Spreading your photo time throughout the day rather than in one large section also means you can join more of your cocktail hour. Most couples don’t join their cocktail hour at all, which for some is totally fine. But if you want to hang out and casually socialize with your family and guests, a first look might be a great choice!

3. Avoid bad weather or an early sunset
With a first look you get two chances for couples photos, one before and one after the ceremony. This is awesome if there’s bad weather in your forecast. Without a first look we really only have one time slot to nail the photos. 

Probably the biggest thing to consider is the time of sunset. If you’re having a late fall or winter wedding I highly recommend doing a first look. During these colder months the sun can set as early as 5pm, if you’re having a normal ceremony/dinner reception that means all natural light will be completely gone. I have done tons of weddings in the fall using all artificial light, but if you want that glowy, romantic natural light vibe- a first look (or daytime wedding) is the way to go!

4. Have a more authentic interaction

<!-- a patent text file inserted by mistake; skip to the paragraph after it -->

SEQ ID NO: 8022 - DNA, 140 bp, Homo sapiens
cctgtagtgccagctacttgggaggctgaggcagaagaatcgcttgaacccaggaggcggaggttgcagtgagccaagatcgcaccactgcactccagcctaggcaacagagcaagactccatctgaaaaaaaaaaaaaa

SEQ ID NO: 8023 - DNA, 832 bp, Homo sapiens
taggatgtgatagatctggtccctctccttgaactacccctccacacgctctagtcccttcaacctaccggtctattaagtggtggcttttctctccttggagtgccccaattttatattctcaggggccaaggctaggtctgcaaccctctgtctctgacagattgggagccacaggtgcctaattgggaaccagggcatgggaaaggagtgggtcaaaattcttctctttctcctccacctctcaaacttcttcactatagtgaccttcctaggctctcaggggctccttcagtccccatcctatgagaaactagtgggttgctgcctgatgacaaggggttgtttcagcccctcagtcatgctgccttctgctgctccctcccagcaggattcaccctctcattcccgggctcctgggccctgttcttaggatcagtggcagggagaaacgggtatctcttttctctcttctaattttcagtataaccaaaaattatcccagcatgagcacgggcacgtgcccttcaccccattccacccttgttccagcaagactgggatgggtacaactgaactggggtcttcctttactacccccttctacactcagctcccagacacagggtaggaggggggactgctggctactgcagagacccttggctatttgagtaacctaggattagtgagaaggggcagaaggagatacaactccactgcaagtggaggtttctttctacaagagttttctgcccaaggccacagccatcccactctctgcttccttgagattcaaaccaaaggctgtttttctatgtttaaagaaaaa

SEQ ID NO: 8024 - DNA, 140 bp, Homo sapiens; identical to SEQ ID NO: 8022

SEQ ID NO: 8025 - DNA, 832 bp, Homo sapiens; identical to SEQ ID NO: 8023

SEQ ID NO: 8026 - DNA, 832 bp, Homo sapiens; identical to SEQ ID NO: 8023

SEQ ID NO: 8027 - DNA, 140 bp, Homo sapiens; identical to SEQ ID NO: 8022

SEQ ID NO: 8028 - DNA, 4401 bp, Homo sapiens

A lot of times (guys especially) feel the pressure during the ceremony to either cry (or to not to!) And with all your guests watching, sometimes it’s a little overwhelming. With a first look it’s just you two (and me, heyyy!) So y’alls interactions are much more authentic to you. 

what is a first look

What are some reasons for not having a First Look?

1. If it’s not how you envisioned your day
If you or your partner have dreamed about seeing each other at the aisle for the first time, a first look is definitely not for you. I want both parties to be excited about a first look.

2. If you want full day coverage but there’s a late sunset
Sometimes you can run into the issue of having too much daylight. If you are having a summer wedding, the best lighting can be around 7pm. If we front load most of your photos before the ceremony and you want golden hour portraits you will either 1) Need a later ceremony start time. 2) Have a good amount of downtime after your ceremony (aka a long cocktail hour). 3) Need to sneak out for portraits during your reception for the best lighting.

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How to plan a timeline around a First Look

The easiest formula is:

If you are having a first look, account for 1.5 hours before the ceremony and 1 hour after the ceremony.